No one believed such a gaunt tree could hold the weight of a healthy eleven-year-old. But miracles do happen. Mrs. Applebaum was the first to see ol’ Charlie hanging from the dying Oak on the corner of Peach and MLK Street yesterday. She must have been on one of her early morning walks, a routine she developed after Mr. Applebaum’s passing. The town used to call her “Ghostie” during her walks when the early morning fog rose from the ground and her pale white nightgown appeared to hover over the gravel. Her neon pink kicks were the only reason she didn’t scare little children.
Charlie rides my bus to school in the mornings. Or rode—Him and his cotton-candy fluff of red hair sat in the front of the bus to avoid the cool kids at the back. I sat up front too. What went through his mind? How long did it take? Did he leave a note?
The twins Becky and Bryan seemed mighty quiet this morning. Their eyes metronomed back and forth from skull to skull. After each bit of awkward silence, accusations were exchanged.
“It’s not my fault. I wasn’t even here last Friday,” Becky said.
“But you were the worst,” Bryan said, pushing his twin. “Calling him cotton-candy head. Calling him the freckled-face-freak even circuses would turn away.”
“I never pushed him in the mud, or stole his shoes like you.”
“He was weak. Daddy said suicide was for thin-skinned pansies, and Charlie was the biggest pansy around,” Milo said. I guess that would make his mother a pansy too since everyone knew she Pollacked her brains on the back of their barn.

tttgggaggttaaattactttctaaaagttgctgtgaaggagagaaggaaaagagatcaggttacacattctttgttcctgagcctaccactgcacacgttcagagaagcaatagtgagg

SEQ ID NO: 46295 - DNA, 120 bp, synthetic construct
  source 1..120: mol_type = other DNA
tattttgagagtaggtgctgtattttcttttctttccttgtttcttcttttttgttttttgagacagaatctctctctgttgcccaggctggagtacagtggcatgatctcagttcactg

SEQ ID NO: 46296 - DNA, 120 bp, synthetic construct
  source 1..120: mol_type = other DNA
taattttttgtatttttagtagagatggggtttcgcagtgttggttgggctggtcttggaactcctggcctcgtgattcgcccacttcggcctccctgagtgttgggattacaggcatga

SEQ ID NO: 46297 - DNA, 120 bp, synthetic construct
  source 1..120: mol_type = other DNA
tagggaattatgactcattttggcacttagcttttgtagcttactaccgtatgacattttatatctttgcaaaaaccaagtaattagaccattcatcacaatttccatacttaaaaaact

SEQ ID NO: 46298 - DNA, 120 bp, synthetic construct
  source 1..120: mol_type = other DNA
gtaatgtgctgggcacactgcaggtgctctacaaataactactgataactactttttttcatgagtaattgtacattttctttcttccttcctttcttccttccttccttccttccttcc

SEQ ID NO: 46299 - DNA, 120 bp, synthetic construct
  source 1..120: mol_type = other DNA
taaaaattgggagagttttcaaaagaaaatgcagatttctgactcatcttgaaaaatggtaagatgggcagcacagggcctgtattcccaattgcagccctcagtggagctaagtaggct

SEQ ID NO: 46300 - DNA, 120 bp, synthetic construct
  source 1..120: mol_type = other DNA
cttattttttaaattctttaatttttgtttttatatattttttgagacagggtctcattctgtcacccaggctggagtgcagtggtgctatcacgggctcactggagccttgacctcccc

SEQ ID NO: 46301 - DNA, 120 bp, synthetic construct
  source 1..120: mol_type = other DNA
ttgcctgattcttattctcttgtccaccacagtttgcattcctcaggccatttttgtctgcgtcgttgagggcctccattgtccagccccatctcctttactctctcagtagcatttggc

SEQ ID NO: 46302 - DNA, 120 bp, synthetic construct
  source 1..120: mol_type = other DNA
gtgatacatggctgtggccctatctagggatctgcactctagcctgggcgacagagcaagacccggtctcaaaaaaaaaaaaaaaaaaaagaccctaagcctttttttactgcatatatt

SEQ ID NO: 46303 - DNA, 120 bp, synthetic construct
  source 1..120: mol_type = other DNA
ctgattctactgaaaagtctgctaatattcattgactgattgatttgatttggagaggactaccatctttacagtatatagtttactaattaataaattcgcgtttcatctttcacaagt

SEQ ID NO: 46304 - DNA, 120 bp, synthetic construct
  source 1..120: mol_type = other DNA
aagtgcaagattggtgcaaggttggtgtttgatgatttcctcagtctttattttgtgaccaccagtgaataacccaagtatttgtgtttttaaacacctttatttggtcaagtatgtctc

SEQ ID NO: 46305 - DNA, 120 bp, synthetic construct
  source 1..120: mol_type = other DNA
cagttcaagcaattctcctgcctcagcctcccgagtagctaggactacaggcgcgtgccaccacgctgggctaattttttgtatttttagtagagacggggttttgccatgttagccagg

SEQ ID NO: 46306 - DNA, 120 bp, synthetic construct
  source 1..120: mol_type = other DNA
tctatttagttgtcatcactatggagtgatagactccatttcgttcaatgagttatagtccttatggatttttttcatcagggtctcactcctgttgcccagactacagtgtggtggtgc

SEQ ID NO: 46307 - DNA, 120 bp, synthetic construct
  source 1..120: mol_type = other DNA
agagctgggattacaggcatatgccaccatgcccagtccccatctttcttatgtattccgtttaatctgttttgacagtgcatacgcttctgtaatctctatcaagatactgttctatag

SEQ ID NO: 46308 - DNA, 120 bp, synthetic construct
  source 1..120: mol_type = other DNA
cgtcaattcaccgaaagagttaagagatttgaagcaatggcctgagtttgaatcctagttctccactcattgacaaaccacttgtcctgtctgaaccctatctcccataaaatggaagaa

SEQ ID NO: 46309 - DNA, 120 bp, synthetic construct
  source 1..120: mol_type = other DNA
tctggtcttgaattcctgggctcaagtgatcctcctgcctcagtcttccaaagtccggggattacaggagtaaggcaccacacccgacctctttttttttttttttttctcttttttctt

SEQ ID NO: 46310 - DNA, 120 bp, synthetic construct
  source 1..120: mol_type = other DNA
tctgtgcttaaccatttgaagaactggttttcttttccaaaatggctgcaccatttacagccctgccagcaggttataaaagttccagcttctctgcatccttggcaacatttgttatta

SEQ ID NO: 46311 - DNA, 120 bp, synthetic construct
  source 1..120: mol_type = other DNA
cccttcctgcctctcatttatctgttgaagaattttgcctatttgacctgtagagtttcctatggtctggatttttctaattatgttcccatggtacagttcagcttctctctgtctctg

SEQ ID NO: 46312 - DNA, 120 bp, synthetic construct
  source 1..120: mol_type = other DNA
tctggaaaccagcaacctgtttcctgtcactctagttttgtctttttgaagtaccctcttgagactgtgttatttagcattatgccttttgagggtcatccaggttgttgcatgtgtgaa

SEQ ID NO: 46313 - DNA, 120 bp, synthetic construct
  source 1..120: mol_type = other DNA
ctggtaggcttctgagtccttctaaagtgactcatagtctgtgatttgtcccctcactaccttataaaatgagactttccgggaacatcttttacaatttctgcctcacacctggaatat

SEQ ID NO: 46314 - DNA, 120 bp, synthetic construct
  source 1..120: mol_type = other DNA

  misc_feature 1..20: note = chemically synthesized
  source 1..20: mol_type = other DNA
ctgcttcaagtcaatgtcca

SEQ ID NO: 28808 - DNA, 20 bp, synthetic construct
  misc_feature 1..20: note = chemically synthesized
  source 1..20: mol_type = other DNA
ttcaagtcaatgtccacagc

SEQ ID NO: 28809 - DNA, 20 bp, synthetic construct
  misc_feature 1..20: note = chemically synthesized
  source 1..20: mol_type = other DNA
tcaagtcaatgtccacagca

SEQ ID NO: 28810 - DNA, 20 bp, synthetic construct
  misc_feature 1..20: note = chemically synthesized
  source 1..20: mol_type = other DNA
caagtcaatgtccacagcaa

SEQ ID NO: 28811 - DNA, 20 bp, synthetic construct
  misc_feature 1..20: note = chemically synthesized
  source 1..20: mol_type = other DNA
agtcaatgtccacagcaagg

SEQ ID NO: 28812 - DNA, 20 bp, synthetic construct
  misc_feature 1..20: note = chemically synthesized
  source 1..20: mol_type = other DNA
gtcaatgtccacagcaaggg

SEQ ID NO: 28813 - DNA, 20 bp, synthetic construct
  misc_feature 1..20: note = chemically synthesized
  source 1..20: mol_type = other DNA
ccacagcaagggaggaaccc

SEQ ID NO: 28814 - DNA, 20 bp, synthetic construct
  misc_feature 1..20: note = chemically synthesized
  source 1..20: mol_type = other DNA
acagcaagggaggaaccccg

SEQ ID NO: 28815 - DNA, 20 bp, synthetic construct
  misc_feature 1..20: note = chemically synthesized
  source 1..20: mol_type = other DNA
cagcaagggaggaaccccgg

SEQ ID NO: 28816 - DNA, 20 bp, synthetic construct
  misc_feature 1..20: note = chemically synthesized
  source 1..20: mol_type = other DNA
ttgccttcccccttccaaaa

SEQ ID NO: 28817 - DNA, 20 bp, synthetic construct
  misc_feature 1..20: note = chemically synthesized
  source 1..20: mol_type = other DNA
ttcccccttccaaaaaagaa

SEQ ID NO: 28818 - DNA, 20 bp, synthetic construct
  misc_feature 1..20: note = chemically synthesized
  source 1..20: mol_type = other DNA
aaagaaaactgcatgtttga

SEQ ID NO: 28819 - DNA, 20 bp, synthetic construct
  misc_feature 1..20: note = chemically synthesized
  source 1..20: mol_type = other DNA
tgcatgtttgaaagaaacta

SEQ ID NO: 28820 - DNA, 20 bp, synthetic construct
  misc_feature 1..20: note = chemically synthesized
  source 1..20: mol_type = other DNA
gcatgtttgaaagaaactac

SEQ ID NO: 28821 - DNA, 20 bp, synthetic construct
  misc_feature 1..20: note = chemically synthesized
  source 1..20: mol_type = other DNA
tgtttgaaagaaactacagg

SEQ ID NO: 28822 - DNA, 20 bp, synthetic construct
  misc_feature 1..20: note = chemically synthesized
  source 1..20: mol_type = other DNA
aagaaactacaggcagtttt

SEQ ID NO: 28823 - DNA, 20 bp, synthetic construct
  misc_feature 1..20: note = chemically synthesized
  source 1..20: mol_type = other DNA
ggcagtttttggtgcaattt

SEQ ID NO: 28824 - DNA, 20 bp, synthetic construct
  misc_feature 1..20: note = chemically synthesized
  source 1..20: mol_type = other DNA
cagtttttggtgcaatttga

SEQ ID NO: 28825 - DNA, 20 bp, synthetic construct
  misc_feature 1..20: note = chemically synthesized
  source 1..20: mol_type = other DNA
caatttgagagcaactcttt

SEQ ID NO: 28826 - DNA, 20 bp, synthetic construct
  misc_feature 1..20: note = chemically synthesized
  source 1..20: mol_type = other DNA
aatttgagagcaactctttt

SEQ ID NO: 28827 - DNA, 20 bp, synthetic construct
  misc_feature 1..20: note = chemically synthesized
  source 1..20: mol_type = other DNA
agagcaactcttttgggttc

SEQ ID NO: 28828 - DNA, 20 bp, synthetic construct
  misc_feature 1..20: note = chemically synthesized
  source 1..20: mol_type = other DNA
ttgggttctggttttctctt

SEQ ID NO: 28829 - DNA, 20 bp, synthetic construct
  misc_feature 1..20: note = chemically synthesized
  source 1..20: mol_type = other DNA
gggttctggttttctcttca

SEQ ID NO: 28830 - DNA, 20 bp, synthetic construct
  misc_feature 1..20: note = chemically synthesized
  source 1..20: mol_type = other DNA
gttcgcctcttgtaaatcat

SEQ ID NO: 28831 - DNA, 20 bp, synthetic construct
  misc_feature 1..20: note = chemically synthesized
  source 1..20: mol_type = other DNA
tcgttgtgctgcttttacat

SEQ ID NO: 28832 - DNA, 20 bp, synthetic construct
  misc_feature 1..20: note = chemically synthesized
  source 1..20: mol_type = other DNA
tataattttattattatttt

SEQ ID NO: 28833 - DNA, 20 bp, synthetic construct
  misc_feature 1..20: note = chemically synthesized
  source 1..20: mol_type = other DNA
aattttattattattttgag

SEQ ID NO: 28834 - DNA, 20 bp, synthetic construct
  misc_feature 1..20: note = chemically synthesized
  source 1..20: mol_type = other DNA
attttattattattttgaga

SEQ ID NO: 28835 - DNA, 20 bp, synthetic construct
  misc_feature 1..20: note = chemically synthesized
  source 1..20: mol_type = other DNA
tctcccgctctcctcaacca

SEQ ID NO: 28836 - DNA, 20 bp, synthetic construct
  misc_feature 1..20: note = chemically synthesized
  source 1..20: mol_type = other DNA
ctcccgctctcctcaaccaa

Milo’s arms crossed his chest tighter than his usual “cool guy” stance. If only his lips had stayed as tight.
I listened to their banter, but none of them took the blame. The bus ride to school began the silence game.
During the morning announcements, Principal Lee revealed facts about Charlie likely no one knew. He had a dog named Boo Radley. He played baseball and loved painting. I did too. Later, friends of Charlie were allowed to meet in the library for grief counseling. How many impostors would attend? I knew I wouldn’t. I knew I couldn’t.
At lunch, I sat at my usual table alone. Charlie would sit at the table across from me. Sometimes, we’d look up and our eyes would meet. His left eye was smaller than the right. He’d nod. I’d nod and return to my book. Like him, I didn’t talk to many people.
After lunch, I spotted Charlie’s mom at his locker. On her knees, she sobbed. Her soprano cries floated above the hustle of kids returning to class. Before I knew it, I kneeled beside her. My arm rose from my side and patted her on the back. My mouth whispered, “I’m sorry.”
“Were you his friend?”
My head sprinklered tears left and right on the ground Charlie would never stand on again.
Jonathan Phin is a MFA graduate at the University of Central Florida and works as a graduate intern for The Florida Review. His work can be found in the Viewfinder Literary Magazine and The Jellyfish Review. You can find him on Twitter @Jonathan Phin